“Sure, sure no problem” my heart picks up to a gallop after this confirmation. I don’t have the lens I really want but I’ll make due. I know we won’t have much time here and I also feel a bit invasive despite the approval. But this is exciting, quick photography I can try out. I notice a woman putting the finishing touches on the soles of some new black shoes. Another woman dipping her brush into glue. A man turning and bending leather on a sewing machine. The manager’s assistant is behind me, keeping me on my toes. Although he doesn’t say anything, his eyes are following me. The rows of random bits and pieces, the polisher & finishing line. The workers interactions have a practiced feel, will I capture it?
Jostein and Vincent have invited me to come on a factor visit with them. Central to their research are interviews with managers of private companies and government officials involved in industry, specifically textile and leather goods. I’m their ‘research assistant’ and today, really just an excited boy with a camera at a leather-goods factory. The manager is joyfully discussing and answers questions from the other two while I spend every second looking for a photo. We’re in and out in under ten minutes, but I’m happy with what results I’m able to get.
After leaving the factory we walk across the hard ground, scattered with cardboard boxes and packing material, and enter the corporate office building for a more formal interview continues. I pull out my journal and do my best to look like I’m doing something important, but mostly I'm writing random notes and circling words while nodding. I’ve never done qualitative research but I can see why the data is called ‘rich’. There is no way to control for how one person will answer a question compared to their colleague, and the breadth of results and the biases that may accompany them cannot be avoided. But it’s interesting and organic to see how a story is formed, the consistencies and mysteries that arise as Jostein and Vincent predict the mangers answers using knowledge from previous reports and readings. The man looks surprised, and elaborates on some of the difficulties and successes of the bolstering economy. Many companies face a problem of employee turnover; after training unskilled workers for up to months at a time, they are liable to leave for the slightest pay grade. This company and many others offer supringsling good employee packages that can include free transport, healthcare, meals, training, and bi-yearly bonuses. This factory is about to expand, increasing workers by an order of magnitude, and increasing production by another order on top of that.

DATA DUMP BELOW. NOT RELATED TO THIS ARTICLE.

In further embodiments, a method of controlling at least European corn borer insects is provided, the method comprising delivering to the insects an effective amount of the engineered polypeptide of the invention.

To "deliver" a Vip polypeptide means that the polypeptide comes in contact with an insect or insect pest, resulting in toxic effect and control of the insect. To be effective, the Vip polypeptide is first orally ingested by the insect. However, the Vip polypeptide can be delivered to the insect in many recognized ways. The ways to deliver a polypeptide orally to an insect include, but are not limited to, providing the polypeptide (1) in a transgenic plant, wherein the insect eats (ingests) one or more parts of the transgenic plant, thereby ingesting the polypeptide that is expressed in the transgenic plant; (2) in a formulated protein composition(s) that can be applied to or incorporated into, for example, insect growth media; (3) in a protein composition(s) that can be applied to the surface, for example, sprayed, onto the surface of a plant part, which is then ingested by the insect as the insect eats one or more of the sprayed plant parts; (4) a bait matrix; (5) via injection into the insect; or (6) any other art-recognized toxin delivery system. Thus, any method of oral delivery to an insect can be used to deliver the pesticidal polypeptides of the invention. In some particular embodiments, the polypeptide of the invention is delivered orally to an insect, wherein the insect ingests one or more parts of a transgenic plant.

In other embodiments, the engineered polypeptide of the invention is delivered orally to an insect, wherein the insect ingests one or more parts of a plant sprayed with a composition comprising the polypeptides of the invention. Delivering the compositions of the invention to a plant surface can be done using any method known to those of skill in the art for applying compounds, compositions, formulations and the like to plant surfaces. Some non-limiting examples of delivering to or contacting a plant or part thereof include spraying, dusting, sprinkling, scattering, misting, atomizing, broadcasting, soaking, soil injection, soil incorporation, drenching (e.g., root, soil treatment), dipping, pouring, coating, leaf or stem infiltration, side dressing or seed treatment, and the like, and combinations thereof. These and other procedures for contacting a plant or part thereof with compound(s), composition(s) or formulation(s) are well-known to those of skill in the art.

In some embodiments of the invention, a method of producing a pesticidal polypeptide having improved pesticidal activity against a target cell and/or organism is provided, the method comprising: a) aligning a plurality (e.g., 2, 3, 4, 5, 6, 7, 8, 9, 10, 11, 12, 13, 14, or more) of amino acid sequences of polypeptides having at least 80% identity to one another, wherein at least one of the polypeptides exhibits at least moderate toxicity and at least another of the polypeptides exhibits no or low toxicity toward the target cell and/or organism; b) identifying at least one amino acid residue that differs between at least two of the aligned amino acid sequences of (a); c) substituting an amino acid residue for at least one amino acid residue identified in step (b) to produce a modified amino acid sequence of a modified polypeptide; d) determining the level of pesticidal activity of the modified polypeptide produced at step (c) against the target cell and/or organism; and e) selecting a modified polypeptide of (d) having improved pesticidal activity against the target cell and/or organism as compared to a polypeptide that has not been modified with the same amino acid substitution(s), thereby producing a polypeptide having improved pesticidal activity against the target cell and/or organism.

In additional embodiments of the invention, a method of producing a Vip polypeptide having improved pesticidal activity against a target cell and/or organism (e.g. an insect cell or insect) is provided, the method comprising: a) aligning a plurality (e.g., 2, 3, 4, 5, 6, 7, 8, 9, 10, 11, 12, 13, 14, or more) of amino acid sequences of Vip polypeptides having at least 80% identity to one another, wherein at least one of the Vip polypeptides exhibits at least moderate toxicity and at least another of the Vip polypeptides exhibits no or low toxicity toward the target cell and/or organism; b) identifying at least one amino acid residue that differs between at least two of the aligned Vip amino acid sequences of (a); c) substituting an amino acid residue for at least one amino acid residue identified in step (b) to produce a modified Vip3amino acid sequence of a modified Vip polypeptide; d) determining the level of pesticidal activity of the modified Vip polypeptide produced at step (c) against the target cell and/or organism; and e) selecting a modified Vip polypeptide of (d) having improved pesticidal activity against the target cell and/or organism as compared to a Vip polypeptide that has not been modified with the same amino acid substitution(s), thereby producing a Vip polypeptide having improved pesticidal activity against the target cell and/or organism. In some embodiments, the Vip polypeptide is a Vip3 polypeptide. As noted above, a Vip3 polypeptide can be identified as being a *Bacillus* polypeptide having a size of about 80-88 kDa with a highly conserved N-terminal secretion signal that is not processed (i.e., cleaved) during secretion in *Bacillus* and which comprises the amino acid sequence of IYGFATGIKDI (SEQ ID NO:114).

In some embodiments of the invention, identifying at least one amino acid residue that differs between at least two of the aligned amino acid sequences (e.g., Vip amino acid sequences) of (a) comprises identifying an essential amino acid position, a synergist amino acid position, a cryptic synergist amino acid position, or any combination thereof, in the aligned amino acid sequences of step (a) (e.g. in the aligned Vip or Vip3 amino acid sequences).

It’s an exciting time for many companies in Ethiopia, as they find themselves as one of Africa’s quickest growing economies. Importantly, this is paired with one of the continents highest equality ratings indicating their growth may be a healthy one. This may be due to the fact the country has never been colonized, and one can observe how other, less lucky economy’s has fared at nearly every bordering country. Or maybe this growth is due to the intellectual-minded high officials. Regardless, the streets of Addis Ababa provide the platform to observe the growth, and despair, that co-exist in Ethiopia.